Jesus, as soon as he was born, had to be on the run right away and to be a refugee, a runaway without a home. When he grew up and became a young man, it was the same; he was still a wanderer with no real home to return to. In one of his discourses, he protested that even the birds have their nests to return to or the rabbits and squirrels have their burrows; but the Son of Man has no place to lay his head, no place to call home.
Siddhartha, as an adult, found himself in a similar situation. He was born into a royal family that was wealthy and privileged. He could have anything he desired. He had a beautiful wife and a good son. He had a bright future ahead of him; destined to be king and ruler of a great empire. But still, he did not feel comfortable even with all this. He did not feel at home. He was not at peace. Therefore, one day, he decided to leave his family in search of his true home, in search of inner peace.

Both Jesus and Siddhartha were searching for their true home. They wanted to find a warm abode where they would not have to search for anything anymore and where they would feel truly at home and at peace. Western people have a saying, “There is no place like home” that expresses the feeling that there is nothing like coming home after being away. Yet still, some of us do not feel at home, do not feel that we have a home to return to, even in our own families. It is because in our families, there is not enough warmth, not enough love, ease, peace or happiness.

Some of us have a homeland, living in the country where we were born, yet we still want to escape and go somewhere else. We feel like we do not have a homeland. Some Jewish people feel that they still do not have a homeland. They have been wandering and searching for a homeland for thousands of years – for a place, a piece of land to call home. Even to this day they have yet to find their homeland. And we – the French, the Americans, the British, and the Vietnamese – we all have a country to call our homeland, but still, we do not feel contented and some of us want to leave. This is because we have not found our true home in our heart. This season, even if we buy a Christmas tree to decorate our home, this does not necessarily mean that we have found our true home or that we are at ease living in our homeland. For our home to be true, there needs to be love, warmth, and fulfilment.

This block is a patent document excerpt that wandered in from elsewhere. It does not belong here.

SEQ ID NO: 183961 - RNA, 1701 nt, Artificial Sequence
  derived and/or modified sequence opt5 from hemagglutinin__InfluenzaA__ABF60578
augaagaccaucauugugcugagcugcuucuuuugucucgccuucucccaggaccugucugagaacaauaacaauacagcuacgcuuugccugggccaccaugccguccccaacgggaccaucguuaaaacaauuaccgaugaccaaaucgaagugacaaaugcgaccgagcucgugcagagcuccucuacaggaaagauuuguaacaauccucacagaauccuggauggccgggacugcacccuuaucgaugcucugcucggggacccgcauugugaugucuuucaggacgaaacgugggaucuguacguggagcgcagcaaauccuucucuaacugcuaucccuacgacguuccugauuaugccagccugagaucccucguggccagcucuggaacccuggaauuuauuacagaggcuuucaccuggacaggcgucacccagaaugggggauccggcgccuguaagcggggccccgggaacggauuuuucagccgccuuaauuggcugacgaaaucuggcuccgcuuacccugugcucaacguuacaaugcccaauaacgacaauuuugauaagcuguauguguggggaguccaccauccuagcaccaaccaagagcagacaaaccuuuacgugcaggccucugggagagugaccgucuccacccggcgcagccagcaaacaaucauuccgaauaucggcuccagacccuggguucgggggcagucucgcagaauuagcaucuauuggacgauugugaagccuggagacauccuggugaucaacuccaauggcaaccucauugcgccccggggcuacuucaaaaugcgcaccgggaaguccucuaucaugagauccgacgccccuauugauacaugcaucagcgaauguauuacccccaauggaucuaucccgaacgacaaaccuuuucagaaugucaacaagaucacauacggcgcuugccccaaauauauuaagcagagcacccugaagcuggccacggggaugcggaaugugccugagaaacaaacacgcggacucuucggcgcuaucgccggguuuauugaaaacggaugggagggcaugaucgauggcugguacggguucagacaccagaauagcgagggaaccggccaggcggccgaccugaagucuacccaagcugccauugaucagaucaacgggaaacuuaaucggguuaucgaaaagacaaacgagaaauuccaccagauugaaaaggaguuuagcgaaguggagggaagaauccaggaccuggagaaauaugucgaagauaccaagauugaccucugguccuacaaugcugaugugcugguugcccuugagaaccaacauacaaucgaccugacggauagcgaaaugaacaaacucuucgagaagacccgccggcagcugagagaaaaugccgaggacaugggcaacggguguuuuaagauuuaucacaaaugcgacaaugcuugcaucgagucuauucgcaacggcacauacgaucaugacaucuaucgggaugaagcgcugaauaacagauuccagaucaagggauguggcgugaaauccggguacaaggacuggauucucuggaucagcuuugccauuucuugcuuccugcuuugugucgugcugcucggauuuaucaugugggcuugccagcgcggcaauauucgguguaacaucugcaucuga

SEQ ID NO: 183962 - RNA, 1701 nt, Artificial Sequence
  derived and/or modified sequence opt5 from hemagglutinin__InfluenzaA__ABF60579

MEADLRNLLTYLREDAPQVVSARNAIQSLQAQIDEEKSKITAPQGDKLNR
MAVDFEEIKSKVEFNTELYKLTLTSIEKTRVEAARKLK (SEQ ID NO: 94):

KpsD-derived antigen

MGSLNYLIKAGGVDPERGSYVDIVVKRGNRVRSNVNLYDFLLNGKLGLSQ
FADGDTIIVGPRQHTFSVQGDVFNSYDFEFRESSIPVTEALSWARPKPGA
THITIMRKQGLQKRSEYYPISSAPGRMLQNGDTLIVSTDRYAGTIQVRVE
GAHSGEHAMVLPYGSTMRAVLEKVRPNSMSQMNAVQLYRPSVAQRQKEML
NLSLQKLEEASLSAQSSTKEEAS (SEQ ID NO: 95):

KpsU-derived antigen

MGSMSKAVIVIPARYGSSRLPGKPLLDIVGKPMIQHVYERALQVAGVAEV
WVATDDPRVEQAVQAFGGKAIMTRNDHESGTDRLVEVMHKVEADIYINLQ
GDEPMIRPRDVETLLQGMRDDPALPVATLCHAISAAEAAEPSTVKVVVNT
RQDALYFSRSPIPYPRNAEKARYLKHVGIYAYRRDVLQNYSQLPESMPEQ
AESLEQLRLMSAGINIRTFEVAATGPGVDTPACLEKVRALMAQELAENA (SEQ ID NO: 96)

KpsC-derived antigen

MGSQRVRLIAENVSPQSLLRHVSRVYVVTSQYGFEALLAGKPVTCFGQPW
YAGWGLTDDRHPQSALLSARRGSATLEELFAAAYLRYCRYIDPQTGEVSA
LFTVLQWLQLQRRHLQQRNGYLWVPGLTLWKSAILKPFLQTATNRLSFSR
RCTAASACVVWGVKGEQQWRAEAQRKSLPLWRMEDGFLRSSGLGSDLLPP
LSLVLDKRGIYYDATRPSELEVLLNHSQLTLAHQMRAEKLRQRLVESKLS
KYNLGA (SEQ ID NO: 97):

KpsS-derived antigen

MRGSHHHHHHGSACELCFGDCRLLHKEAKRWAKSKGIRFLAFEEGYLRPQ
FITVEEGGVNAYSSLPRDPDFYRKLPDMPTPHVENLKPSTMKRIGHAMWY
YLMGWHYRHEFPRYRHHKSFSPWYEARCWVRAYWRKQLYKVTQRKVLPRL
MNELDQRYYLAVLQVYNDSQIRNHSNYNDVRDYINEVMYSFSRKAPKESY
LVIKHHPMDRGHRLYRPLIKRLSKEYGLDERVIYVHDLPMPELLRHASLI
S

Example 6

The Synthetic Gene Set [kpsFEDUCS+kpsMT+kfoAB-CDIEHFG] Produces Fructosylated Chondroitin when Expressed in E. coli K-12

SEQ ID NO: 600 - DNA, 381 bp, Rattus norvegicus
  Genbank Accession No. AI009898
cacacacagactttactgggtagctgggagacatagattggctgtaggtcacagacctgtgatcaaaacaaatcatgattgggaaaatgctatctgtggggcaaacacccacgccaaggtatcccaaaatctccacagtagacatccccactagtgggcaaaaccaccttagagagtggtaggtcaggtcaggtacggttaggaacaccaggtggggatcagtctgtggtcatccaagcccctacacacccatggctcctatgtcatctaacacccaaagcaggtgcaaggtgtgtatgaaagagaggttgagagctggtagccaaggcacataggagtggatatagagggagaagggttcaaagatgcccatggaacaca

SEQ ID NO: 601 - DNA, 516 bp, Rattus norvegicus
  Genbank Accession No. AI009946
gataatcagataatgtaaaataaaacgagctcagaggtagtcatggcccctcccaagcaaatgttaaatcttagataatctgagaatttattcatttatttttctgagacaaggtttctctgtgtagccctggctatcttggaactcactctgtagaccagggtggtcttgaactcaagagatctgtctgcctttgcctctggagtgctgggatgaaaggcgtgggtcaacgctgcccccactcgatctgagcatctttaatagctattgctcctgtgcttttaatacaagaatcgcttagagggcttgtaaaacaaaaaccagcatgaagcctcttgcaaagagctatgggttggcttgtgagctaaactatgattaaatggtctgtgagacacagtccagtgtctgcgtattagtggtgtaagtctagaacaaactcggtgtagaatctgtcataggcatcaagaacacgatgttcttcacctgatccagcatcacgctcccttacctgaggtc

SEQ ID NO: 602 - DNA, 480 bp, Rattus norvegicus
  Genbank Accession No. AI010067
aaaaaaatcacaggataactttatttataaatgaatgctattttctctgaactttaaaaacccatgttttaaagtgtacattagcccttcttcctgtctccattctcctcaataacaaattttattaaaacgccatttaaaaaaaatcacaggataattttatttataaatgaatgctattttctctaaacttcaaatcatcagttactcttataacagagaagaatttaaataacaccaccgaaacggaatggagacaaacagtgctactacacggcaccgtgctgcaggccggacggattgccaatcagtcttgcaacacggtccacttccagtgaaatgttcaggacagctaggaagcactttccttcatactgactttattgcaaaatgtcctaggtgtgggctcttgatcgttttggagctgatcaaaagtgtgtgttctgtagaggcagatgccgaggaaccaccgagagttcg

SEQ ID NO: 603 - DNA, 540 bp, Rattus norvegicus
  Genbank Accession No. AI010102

In the end, Jesus found his true home in his heart. He found the light in his heart. He taught his disciples that they too have their own light and he taught them to bring that light out for others to see. Siddhartha taught that one’s true home can be found in the present moment. He developed practices for his disciples so that they too could find their true home. He taught that we each have an island within that is safe and secure. If we know how to return to this island, we can be in touch with our blood and spiritual ancestors, with the wonders of life, and with our own self. In the island of our true self, we can find peace and fulfilment."


More Census Geekery (for Unitarians)

I always actively try to approach human communities by seeking to establish what various groups hold in common - it is all too easy to reduce groups of people we don't know to a series of observations, often misplaced, about how they are unlike ourselves. And in framing these differences, we also tend to judge ourselves as better (or worse) which is equally misplaced - not to mention potentially destructive.

On this basis, it is worth noting that according to the UK Census 2011, approximately 73% of Britons identify with a 'mainstream' faith, and approximately 65% have an Abrahamic theist-rooted faith.  Whether those within this literally believe Jesus ascended to heaven via a Star Trek style transporter beam or Muhammed rode there on a magical horse or Enoch walked there with God (presumably) via a worm hole is not known, nor knowable. On top of the 73%, you could probably count another 1 - 2% in terms of those who identify with the 'minority of the minority' faiths, plus there will be some who adopted the 'Mind Your Own' position in relation to the religion question. 

The point is, the majority of Britons hold a sense of a God in common, the vast majority hold a sense of some kind of underlying / overriding divinity or greater meaning to life in common.